Sikh` Milkha Singh won men`s 440 yards race in the 1958
edition in Cardiff, Wales.
The 50,000 strong crowd at the Jawaharlal Nehru Stadium
cheered wildly when the women`s 4X400m relay team of Manjeet
Kaur, Sini Jose, Ashwini Akkunji and Mandeep Kaur added
another gold in a memorable race, beating strong teams likes
Nigeria and England.
Woman long jumper Malliakkal Prajusha was pipped to the
post by Canadian Alice Falaiya who won the event in the last
jump, beating the Indian for gold by three centimeters.
United States-based Vikas Gowda could not produce his
season`s best but fetched a silver for the country. Renjith
Maheswary broke his own triple jump national record by
clearing 17.07m to win bronze before javelin thrower Kashinath
Naik added another bronze.
The men`s quartet of Rahamatulla Molla, Krishnakumar
Rane, Shammer Mon and Mohd Abdul Qureshi won a bronze with a
new national record timing of 38.89secs, the first time to run
The women`s 4x100m relay team of Geetha Satti, Srabani
Nanda, P K Priya and H M Jyothi finished third in a photo
finish with a timing of 45.25secs, just one-hundredth of a
second behind second-placed Ghana (45.24secs).
Tintu Luka, the protege of the legendary P T Usha,
however, disappointed by finishing sixth in 2:01.25, well
below her personal and season`s best of 1:59.17. She won a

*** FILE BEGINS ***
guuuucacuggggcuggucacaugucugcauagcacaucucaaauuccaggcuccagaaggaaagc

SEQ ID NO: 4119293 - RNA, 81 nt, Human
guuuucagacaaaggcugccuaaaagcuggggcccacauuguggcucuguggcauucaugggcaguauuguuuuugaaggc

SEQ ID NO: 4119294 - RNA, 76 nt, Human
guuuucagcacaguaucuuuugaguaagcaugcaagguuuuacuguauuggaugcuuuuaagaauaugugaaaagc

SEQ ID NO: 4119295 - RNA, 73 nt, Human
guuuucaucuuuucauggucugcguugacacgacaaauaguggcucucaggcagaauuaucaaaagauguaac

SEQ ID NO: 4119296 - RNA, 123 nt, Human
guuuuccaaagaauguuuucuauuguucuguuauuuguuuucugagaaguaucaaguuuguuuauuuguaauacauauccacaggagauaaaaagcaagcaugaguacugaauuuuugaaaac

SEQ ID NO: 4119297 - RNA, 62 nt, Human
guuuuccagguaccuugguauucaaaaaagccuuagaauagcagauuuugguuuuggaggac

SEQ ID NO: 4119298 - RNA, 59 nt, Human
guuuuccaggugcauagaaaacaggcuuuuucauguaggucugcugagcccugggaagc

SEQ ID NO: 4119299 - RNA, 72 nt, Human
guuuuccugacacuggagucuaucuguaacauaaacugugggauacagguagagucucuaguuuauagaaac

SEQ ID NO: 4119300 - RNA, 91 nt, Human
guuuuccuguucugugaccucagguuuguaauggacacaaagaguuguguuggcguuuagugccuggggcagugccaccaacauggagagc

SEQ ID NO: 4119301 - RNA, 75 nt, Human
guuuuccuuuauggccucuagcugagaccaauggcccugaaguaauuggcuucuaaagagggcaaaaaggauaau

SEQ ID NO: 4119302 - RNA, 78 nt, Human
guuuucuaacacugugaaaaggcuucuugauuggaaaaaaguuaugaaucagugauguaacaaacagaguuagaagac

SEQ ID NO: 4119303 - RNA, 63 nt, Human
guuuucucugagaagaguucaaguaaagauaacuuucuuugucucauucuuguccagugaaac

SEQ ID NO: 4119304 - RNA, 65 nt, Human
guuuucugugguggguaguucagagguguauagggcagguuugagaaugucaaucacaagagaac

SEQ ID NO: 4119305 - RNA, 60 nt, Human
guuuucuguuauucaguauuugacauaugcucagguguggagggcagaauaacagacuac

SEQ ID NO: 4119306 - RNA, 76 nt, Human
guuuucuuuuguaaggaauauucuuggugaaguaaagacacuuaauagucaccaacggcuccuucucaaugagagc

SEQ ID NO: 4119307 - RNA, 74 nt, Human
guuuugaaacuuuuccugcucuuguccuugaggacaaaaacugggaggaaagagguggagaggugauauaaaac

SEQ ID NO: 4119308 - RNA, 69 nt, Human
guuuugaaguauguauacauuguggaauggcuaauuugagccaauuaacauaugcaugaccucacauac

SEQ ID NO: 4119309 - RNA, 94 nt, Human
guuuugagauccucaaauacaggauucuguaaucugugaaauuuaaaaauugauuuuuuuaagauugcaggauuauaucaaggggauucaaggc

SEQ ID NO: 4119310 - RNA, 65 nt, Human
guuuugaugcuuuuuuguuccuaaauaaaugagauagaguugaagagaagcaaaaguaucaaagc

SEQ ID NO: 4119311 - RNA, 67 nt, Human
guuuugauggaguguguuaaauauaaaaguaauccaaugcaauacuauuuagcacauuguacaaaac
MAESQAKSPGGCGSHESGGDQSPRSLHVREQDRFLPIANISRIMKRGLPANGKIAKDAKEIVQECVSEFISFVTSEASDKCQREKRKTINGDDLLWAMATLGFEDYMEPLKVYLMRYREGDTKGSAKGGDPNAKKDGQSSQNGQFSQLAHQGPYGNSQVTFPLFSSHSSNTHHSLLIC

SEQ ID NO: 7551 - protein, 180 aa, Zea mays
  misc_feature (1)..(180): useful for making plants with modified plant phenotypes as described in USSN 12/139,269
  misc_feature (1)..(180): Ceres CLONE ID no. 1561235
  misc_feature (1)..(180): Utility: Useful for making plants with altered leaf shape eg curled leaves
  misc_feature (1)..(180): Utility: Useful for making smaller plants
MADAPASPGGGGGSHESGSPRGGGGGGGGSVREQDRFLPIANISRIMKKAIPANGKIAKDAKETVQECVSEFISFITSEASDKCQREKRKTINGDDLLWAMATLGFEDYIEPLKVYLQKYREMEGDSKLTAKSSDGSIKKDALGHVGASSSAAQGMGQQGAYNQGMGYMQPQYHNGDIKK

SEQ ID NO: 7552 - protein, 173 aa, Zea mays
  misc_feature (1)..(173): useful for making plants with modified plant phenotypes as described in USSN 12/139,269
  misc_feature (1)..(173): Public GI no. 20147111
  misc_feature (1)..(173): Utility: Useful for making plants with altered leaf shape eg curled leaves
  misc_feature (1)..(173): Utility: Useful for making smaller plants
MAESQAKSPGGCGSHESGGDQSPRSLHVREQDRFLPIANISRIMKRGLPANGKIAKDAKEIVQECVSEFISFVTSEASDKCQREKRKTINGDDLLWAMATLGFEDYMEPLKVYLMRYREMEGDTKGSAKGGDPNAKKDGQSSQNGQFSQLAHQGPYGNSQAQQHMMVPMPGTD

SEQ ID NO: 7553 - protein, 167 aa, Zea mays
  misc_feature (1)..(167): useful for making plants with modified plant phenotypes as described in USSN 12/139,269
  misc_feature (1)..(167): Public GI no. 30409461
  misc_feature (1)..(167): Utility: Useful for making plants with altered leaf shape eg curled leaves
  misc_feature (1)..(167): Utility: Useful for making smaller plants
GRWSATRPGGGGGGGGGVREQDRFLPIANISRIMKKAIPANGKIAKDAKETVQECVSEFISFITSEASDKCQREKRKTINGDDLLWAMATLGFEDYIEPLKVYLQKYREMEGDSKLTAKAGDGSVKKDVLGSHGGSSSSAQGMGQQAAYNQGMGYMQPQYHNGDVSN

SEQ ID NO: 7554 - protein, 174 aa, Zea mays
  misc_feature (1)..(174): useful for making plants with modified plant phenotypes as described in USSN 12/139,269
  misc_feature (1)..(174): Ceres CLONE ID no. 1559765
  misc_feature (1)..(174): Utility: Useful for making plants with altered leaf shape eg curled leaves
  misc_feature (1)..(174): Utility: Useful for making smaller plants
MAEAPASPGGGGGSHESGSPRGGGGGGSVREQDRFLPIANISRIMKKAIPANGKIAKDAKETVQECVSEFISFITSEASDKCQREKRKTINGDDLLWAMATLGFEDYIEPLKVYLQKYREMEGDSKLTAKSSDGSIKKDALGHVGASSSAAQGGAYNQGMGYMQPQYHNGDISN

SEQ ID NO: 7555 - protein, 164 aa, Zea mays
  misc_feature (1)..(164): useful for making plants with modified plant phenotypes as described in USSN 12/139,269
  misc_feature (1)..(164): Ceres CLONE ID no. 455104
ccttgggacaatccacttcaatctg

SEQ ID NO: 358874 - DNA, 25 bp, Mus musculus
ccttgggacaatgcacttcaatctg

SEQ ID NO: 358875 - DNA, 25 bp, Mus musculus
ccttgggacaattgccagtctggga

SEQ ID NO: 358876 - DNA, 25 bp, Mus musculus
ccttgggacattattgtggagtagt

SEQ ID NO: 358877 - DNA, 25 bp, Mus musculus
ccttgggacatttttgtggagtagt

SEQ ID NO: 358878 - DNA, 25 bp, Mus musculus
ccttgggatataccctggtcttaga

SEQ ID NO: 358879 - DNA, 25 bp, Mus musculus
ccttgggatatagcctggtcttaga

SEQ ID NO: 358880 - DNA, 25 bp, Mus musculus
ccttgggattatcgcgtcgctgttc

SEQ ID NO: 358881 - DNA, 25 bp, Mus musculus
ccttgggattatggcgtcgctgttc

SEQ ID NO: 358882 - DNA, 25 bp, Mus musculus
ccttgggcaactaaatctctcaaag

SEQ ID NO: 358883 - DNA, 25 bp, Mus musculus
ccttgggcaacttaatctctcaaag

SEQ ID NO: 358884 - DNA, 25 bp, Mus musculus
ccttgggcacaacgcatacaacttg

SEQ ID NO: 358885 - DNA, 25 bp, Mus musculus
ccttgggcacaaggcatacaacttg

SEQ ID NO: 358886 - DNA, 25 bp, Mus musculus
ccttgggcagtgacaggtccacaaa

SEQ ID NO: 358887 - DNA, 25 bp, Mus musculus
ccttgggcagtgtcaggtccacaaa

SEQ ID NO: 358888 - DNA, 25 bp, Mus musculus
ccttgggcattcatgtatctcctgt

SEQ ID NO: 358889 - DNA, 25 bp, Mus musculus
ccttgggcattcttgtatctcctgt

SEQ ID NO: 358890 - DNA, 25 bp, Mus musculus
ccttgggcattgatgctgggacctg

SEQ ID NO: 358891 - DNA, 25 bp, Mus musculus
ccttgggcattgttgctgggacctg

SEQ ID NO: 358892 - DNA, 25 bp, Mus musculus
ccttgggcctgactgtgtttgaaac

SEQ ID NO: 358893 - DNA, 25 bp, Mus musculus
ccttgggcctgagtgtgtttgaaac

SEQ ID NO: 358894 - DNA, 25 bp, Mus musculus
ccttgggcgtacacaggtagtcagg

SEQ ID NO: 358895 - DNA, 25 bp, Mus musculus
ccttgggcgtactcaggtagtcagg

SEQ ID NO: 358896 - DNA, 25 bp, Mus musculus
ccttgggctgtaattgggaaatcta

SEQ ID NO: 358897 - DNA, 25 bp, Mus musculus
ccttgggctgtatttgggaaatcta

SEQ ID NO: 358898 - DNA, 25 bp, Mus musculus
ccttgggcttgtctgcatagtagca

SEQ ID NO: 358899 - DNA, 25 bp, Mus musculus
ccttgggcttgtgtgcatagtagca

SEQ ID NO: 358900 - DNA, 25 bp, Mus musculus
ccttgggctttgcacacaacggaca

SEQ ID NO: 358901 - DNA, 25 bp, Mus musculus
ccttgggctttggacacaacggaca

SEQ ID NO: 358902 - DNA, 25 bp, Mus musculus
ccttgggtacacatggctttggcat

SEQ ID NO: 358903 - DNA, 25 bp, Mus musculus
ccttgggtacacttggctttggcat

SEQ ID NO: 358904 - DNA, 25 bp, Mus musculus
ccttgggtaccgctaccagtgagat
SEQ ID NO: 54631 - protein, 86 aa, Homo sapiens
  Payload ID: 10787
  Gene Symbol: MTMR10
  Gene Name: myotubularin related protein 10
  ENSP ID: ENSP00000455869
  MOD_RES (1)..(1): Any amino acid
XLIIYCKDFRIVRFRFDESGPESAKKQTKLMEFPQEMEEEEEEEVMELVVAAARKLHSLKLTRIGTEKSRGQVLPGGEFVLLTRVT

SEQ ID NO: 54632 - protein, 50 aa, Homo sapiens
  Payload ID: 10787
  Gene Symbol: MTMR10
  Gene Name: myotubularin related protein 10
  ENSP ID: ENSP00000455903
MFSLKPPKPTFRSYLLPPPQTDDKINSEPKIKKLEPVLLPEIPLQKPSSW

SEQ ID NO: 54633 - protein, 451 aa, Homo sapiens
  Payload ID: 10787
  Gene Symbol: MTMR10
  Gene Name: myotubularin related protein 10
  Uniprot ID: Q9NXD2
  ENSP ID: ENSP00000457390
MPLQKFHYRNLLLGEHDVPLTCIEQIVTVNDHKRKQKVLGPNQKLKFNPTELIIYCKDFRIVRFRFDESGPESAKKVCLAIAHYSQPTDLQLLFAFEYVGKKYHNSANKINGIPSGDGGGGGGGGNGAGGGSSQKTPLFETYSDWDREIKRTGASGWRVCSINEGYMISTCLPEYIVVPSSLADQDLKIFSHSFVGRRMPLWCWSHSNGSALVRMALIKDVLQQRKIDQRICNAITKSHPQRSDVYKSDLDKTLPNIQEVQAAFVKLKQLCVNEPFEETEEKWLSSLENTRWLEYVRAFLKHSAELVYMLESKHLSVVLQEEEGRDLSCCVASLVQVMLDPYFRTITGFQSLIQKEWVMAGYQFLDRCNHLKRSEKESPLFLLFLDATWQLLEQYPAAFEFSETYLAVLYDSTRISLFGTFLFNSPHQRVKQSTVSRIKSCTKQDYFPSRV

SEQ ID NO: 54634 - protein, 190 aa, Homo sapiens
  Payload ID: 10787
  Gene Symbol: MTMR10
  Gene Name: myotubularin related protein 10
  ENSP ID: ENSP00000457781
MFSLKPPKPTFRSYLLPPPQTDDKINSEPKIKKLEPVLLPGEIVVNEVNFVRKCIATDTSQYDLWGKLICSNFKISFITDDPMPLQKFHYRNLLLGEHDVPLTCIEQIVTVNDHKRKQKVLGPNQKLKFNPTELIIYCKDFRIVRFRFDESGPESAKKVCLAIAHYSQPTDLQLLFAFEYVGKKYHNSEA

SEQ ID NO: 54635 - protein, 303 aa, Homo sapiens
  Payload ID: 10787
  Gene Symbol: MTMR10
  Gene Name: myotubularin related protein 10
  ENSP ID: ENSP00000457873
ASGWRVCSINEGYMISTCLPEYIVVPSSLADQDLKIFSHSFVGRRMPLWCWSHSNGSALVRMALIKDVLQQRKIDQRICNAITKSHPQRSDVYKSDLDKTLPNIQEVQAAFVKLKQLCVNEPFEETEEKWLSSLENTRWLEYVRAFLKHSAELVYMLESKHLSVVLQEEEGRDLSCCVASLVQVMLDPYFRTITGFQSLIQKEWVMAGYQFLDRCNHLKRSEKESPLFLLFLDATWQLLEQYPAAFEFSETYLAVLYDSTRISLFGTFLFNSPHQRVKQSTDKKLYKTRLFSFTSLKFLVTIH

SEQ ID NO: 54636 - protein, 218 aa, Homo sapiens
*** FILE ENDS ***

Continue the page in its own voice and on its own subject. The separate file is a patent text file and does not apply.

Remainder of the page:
bronze in the Asian Games.
In the Asian Games, India won five gold, two silver and
four bronze medals, one of the best performances ever though
below the 2002 Busan tally of 7-6-5 (17).
The women`s 4x400m relay quartet of Manjeet Kaur, Sini
Jose, Ashwini Akkunji and Mandeep Kaur defended the gold they
had won in 2006 Asian Games in Doha.
Kavita Raut, who won a bronze in the 10,000m race in the
CWG, bagged two bronze -- one each in 5,000 and 10,000m.
Krishna Poonia bagged a bronze in discus throw while G Pramila
was also among the medals with a bronze in heptathlon.
Triple jumper Renjith Maheswary was leading the field
till three competitors got past him in the final attempt.
The Indian men`s 4x100m relay squad of Mohamed Abdul
Najeeb, Shameer Mon, M Rahamatulla and Suresh Sathya missed
the bronze by 1/100th of a second and ended fourth in photo
finish behind Thailand.
That luckily saved the country from dope shame as NADA
had informed the Athletics Federation of India that Sathya
Suresh`s urine sample, taken just before the Asian Games, was
found positive for nandrolone.
In fact, amid the inspiring stories of athletes from
modest backgrounds bringing laurels to the country, the year
had its share of low points.
Drug cheats once again tarnished the image of the country
with dope flunks.
20km race walker Rani Yadav flunked a dope test for a
banned steroid in the Commonwealth Games though she finished
sixth while 200m and 4x100m relay runner Sathya Suresh tested
positive for nandrolone in the NADA test.
AFI and Sathya later claimed that they came to know of
the dope flunk only after the Asian Games but had the relay
team finished at the podium, the athletes would have been
tested in Guangzhou and the country could have faced a dope